Should you start a blog? Here is my advice.

akansha-agrawal-blogging

akansha-agrawal-blogging

I had the chance to catch-up with Anna Stern, community manager for Collectively Inc. and we both came to the simple conclusion that blogging in 2017 is fundamentally different than what it was back in 2009, or even 2013.

The online space is much more saturated now and as a blogger, you need something that sets you apart. These days it’s not enough to post your outfit of the day or your latest smoothie bowl.  What will you provide that separates you from the other thousands of bloggers out there?

I started my blog about a year ago and truthfully, I had no idea what I was doing. I knew I wanted to share content around health & wellness from a South Asian perspective but did not have a strategy or method for getting there. I was overwhelmed and lost. Though I still have a long way to go, here are a few pieces of  blogging advice:

  1. Define your Mission and Stick to It: With a successful blog you need a clear focus for two reasons. Number one, to keep yourself accountable and number two, to give your readers a purpose. As a blogger it’s so easy to get distracted by the next shiny object and lose track of your original intent. Consistency and clarity will also help your readers understand what they will receive from you.
  2. Create a Community: I’ve created a successful community by creating a Facebook group for women interested in health and wellness. A Facebook group is more valuable than a Facebook page because your readers can participate in valuable, genuine dialogue. A community also allows you to conduct a bit of user research by finding out what matters to your readers.
  3. Approach Local Brands Proactively: Working with local businesses and brands is the way to go because you can lead with a warm approach by chatting in person. For example, if you are a fashion blogger, try hitting up your favorite retail store/boutique and discuss potential collaborations. It can be scary to take your blog from behind the screen to in-person but real life interactions can do wonders.
  4. Spend More Time as a Creator and Less Time as Consumer: I want you to do me a favor. Grab your phone, go to your settings, battery life and then check how much time you’ve spent on Instagram, Snapchat and Facebook. Those hours could instead be used to create valuable content! There have been multiple weeks where I’ve felt exhausted, mentally drained from “blogging” but in reality, I had not published a blog post in weeks!  I was completely caught up in the noise of social media.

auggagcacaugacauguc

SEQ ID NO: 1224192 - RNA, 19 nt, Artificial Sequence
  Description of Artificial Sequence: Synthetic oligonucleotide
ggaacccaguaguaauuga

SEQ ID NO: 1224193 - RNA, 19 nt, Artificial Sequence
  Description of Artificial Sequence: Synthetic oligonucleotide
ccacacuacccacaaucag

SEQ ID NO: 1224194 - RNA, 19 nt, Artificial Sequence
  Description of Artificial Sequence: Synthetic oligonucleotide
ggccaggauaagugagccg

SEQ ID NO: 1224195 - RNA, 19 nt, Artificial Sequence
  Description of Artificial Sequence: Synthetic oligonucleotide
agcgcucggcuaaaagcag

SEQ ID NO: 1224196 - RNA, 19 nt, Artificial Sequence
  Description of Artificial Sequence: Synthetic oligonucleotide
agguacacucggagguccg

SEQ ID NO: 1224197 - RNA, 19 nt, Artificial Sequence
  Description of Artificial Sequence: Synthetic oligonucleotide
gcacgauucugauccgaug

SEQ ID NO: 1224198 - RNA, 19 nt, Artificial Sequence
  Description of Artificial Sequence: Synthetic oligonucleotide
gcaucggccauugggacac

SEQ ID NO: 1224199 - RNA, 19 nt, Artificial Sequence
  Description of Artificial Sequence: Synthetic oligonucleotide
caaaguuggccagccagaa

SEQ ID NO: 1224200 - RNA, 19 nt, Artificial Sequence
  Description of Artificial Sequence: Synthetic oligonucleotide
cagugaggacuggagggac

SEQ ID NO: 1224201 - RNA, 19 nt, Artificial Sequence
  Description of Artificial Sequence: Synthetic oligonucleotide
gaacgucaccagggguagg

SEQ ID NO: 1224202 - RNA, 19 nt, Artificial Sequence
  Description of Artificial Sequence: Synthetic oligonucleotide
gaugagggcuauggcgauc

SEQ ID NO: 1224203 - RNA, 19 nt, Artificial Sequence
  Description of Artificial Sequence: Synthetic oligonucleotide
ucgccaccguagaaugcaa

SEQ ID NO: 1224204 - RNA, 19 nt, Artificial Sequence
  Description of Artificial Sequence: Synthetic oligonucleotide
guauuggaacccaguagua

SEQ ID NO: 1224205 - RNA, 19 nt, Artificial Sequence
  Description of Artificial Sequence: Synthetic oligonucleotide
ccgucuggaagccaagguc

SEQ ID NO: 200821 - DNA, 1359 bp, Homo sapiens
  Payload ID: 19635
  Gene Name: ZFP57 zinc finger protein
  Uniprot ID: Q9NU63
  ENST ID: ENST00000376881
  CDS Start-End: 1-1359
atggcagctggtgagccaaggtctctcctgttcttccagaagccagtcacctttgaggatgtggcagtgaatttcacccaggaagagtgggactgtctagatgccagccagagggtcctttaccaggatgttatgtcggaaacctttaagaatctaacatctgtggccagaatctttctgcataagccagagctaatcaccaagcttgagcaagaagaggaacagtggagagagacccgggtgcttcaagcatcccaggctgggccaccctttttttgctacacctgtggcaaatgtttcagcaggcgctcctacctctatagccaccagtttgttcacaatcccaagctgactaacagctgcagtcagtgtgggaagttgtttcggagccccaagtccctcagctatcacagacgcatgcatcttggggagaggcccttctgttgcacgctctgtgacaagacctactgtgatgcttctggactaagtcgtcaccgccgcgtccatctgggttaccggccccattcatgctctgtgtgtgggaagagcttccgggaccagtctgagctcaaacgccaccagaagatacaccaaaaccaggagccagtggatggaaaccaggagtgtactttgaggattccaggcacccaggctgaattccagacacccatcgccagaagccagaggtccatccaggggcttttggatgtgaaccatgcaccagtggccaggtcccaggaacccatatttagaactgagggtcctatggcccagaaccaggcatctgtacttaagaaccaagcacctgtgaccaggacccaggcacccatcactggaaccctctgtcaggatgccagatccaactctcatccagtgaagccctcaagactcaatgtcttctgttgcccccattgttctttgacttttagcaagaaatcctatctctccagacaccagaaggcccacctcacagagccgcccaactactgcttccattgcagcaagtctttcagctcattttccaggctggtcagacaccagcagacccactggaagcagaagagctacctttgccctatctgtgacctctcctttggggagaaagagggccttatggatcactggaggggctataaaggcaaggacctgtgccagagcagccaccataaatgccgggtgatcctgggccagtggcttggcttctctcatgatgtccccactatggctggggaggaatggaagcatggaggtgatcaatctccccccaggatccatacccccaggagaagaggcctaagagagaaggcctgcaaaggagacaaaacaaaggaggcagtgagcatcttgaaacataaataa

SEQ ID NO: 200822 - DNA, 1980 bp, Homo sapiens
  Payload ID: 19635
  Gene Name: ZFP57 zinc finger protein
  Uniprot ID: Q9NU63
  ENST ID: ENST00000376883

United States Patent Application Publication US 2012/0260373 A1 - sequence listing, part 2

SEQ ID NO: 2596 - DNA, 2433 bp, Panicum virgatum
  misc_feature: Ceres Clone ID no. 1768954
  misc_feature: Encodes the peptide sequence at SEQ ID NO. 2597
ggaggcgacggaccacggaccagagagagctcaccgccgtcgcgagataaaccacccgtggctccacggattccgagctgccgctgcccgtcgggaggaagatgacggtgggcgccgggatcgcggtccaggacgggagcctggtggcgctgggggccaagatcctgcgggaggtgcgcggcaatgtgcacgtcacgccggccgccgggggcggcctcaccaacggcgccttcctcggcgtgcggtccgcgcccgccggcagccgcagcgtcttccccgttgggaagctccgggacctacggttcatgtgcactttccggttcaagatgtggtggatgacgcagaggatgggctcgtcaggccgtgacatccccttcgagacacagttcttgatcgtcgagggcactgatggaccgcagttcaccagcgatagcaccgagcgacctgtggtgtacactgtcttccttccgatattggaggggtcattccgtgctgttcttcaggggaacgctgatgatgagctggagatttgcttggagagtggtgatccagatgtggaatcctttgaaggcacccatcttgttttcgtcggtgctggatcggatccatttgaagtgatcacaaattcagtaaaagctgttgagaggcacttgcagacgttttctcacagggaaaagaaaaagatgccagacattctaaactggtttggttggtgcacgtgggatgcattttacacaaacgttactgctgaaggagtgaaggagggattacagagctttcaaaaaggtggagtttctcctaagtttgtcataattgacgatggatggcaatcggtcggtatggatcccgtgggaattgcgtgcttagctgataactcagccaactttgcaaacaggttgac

5. Stay in Your Own Lane: I believe the biggest factor that hold bloggers back is their mindset. It’s easy to be discouraged and overwhelmed if you start comparing yourself to those who have been in the game for years. The quality of your content is important but you don’t need all the fancy production elements a professional blogger may have. Your reader wants to see you grow authentically so don’t be afraid to take them along your journey.

I hope my blogging advice is helpful! Do you have a blog or are you planning to create one? I’d love to learn more about your own journey.

This Was Not Part Of My Five Year Plan

*Like the side hustle article this was also originally published on LinkedIn but also feels relevant for the blog :).

If I were to meet myself from five years ago, I feel I might not recognize her — at the very least, I’m almost certain she wouldn’t recognize the person I’ve become. Five years ago, like most college students, I was trying to navigate through life, to prove my worth to potential employers, and to figure out what it means to have a career. When I landed an internship at LinkedIn, I felt like I hit the jackpot — my career had been set. Little did I know how transformative my professional journey would be.

If you told me five years ago I would leave my job to pursue my own projects, that too in the wellness space, I would have looked back at you with a dumbfounded blank stare. That was never supposed to be in the cards for me. It was definitely not part of the the five year plan I had perfected to a T while preparing for my job interviews.

It’s serendipitous that my own wellness journey began right around the time I started at LinkedIn. In the last four years I’ve held three different roles in advertising, market research, and sales analytics, but that only covers a portion of my journey. I’ve also ran three half marathons, a handful of Turkey Trots, and an obstacle course race — all thanks to LinkedIn’s amazing wellness program! I’m grateful my passion and career coincided.

My career in wellness began with this simple blog about a year ago. Then I received my first group fitness certification, created an online community for women, worked with multiple brands and now, I’m developing a healthy Indian food recipe eBook with my mother. Only time will tell what else is in store for the future.

Perhaps ironically, the knowledge I have gained at LinkedIn is what has given me the confidence to leave. From writing content with some of our best marketers to learning how to tell stories with data, LinkedIn has given me the tools to succeed regardless on the role or industry I choose.

Not to say that I know everything quite yet. In fact, I have a huge learning curve ahead of me and I know there will be many restless nights during which I’ll question my decision to leave. I don’t know what success looks like for me yet, but I know this leap will get me one step closer to finding my version of it.

Thank you to all who have been with me through this incredible journey.